A. It is like my writing about boating in a satirical way. Extremists are extremist, no matter what. They are always funny. There are people who think I am the James Watt of the animal-rights movement because I still wear leather shoes and eat the occasional McNugget. They may be heading in the right direction, but they can act pretty silly during the journey.

    Q. People have complained that your work is offensive. Some papers have refused to run various strips, and some people, like the Rev. Donald Wildmon, have demanded that you be fired for slandering Christians. What do such reactions tell you about your work?

    A. People are reading, especially Donald Wildmon. They are probably angry, they are probably insulted, sometimes they are offended, but they read you every day just to find out how they are going to be offended for tomorrow and for the next day. Indifference is the enemy. When I've lost Don, I've lost the war.

    Q. You have said cartooning is the last refuge of the mediocre and the stronghold of the lazy and strange. Why?

    A. Probably because I was feeling uncharacteristically honest with myself at the moment. There are some of us being paid millions to do essentially the same thing that used to get us sent to the principal -- drawing our authority figures in an unflattering light, which in those days probably meant in the nude.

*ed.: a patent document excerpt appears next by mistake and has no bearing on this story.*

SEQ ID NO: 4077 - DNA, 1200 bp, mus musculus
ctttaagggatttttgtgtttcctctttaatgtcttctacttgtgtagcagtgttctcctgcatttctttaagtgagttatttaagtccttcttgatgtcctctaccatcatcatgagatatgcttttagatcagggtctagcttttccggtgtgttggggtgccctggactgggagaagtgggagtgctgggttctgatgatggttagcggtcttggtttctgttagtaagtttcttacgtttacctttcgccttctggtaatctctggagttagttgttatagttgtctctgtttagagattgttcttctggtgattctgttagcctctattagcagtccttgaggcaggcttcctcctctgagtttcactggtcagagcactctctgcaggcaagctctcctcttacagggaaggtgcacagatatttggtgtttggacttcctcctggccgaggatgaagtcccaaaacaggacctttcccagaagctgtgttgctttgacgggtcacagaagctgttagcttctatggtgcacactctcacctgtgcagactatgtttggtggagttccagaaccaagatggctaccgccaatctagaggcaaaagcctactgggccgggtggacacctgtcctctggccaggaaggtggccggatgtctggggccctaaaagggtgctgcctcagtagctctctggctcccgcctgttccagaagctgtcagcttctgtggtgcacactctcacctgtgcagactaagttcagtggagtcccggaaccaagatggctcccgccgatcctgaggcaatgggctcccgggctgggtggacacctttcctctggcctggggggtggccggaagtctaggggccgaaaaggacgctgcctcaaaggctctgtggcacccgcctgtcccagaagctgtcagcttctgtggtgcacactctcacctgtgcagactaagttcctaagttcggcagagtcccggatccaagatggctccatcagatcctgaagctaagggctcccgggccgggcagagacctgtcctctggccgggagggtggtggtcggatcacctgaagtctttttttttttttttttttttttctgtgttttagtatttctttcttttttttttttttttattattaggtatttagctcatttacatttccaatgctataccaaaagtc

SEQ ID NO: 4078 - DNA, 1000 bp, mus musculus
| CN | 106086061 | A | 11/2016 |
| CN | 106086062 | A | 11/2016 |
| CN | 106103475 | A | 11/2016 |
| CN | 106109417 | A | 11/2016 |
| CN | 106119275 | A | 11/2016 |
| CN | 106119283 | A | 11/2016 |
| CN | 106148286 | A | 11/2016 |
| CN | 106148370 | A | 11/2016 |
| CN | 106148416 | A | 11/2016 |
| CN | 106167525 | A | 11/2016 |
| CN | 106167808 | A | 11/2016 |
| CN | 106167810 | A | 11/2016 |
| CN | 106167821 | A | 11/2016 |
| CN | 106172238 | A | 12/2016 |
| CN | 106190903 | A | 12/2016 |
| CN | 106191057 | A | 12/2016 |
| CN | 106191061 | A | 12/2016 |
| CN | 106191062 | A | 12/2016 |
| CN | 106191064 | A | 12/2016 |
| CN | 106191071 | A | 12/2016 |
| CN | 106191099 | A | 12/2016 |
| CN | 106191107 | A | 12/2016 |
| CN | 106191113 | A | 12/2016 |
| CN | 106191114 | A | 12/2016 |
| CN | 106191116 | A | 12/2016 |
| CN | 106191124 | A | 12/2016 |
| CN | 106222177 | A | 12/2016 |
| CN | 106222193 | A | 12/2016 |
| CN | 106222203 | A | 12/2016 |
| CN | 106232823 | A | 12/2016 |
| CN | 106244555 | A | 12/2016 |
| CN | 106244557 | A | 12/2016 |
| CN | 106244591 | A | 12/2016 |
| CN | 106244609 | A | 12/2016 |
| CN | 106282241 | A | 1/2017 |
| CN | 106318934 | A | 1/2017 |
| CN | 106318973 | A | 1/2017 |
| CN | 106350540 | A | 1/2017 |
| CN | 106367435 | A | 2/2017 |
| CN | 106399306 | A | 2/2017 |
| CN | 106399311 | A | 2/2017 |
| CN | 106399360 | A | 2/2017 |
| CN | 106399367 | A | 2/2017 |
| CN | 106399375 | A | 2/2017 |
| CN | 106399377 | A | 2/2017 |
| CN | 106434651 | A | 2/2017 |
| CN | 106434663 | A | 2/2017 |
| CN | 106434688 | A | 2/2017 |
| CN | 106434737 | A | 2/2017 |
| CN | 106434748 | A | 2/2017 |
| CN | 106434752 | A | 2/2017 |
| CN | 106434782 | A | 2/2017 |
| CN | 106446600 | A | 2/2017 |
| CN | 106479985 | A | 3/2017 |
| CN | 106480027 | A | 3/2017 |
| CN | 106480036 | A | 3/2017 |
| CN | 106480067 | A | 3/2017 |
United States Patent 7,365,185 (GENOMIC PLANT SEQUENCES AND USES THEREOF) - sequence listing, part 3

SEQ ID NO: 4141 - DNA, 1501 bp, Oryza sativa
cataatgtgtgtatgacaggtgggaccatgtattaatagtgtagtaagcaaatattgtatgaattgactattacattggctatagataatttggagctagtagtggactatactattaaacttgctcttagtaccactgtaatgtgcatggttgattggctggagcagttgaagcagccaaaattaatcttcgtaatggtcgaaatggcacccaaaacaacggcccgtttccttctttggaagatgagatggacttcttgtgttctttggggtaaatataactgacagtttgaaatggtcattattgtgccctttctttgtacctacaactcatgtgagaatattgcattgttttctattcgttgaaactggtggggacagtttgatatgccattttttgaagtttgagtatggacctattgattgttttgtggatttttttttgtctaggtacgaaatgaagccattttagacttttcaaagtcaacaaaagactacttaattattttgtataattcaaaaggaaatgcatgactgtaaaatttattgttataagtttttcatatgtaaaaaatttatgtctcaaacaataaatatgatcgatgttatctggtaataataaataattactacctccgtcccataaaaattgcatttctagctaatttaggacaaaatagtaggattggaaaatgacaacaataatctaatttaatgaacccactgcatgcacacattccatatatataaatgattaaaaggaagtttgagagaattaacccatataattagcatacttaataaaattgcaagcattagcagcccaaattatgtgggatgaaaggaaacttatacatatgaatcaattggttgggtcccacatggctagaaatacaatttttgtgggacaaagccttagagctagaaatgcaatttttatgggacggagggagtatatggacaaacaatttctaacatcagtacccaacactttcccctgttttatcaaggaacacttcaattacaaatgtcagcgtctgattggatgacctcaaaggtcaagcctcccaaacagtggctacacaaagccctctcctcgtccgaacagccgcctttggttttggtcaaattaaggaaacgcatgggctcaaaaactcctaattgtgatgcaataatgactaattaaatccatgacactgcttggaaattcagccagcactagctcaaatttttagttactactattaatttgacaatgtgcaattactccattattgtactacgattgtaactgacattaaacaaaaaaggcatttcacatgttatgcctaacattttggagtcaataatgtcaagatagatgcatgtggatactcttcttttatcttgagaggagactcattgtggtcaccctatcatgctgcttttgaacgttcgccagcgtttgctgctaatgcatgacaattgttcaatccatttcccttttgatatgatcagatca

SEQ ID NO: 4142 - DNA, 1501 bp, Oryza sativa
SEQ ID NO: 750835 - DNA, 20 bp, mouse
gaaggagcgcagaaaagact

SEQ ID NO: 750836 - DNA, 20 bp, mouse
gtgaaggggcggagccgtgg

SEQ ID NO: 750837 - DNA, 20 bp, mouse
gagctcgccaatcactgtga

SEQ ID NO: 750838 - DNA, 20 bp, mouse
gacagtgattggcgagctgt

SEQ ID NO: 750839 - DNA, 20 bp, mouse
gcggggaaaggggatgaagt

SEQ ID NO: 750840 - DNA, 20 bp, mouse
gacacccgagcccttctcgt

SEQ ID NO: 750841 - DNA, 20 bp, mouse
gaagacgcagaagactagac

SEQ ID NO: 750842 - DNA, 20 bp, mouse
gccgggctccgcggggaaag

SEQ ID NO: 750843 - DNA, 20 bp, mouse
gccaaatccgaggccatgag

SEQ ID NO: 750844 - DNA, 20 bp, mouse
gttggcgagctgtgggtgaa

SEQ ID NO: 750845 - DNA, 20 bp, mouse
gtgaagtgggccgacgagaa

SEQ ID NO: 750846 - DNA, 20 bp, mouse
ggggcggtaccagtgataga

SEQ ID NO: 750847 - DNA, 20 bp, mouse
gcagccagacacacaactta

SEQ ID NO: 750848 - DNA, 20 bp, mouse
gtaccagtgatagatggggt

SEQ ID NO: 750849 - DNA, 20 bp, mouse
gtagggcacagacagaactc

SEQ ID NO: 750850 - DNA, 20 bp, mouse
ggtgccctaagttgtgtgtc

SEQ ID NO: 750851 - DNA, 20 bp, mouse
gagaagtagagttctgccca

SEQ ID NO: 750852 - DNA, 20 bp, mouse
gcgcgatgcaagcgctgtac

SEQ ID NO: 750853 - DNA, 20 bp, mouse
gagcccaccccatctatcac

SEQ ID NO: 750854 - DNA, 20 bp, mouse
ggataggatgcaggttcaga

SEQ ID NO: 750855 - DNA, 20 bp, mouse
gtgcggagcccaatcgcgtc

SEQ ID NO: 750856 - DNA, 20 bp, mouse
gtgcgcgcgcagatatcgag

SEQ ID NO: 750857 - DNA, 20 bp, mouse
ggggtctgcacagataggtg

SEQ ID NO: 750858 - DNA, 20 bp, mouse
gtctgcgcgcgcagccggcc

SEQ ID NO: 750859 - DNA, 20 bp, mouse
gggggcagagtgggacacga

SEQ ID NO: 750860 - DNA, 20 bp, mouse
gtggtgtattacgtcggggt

Charles Schulz said it once: you only have to be a halfway good artist and a halfway good writer to be a cartoonist. I know my limitations. I could never make it as a writer, and I could never make it as a fine artist. Thus the world of cartooning was waiting for me to come along. I have plenty of partial ability.

    Q. What do you think about the current state of the comic strip?

    A. The comic page is bogged down in tradition; it is weighed down with expectations. What I find so exciting is the possibility for gentle subversion, to be friendly and dangerous at the same time, like kissing your first cousin hello and lingering.

    The comic strip is the Andy Griffith of literature. It is conservative, it is homey, it is comfortable, and it is in no hurry to reveal how smart it really is. My fascination is to see what Andy would look like in a thong bikini. Traditional and friendly, but dangerous at the same time, which is a likely description of Bloom County.

    Q. What accounts for your warped view of the world?

    A. Eating lots of broccoli. You know, it's not the weirdo cartoonist that warps. The real warped view is on TV every night. Sanitized reality. Our job is to unwarp as best we can by reflecting the truth back into your eyes. It's not warped that Opus ((the penguin)) gets a buttock implant. On the contrary, I think it's pretty trendy.

    Q. You make fun of almost everyone. Is there anyone you like?

    A. Oh, I like the people I make fun of. I like Jeane Kirkpatrick. Where would we be without Jeane Kirkpatrick? We needed a character on the political scene that looked and sounded like her.

    Q. What, if anything, do you want to be remembered for?

    A. I delight in the thought that I would be remembered with all the qualities that Opus has, knowing deep down that I am a total hooligan. I would be delighted if I were as innocent, as naive and as unconcerned with worldly matters as Opus is. But the fact is that I am not. So maybe that is what he is. I am drawing him as my ideal. If I could choose my personality, it would be his.

    I also want to be remembered for taking a voluntary 92% cut in my income for the sake of my cartoons. I figure attaining immortality as an artist is a long shot. But I'm a shoo-in as a martyr.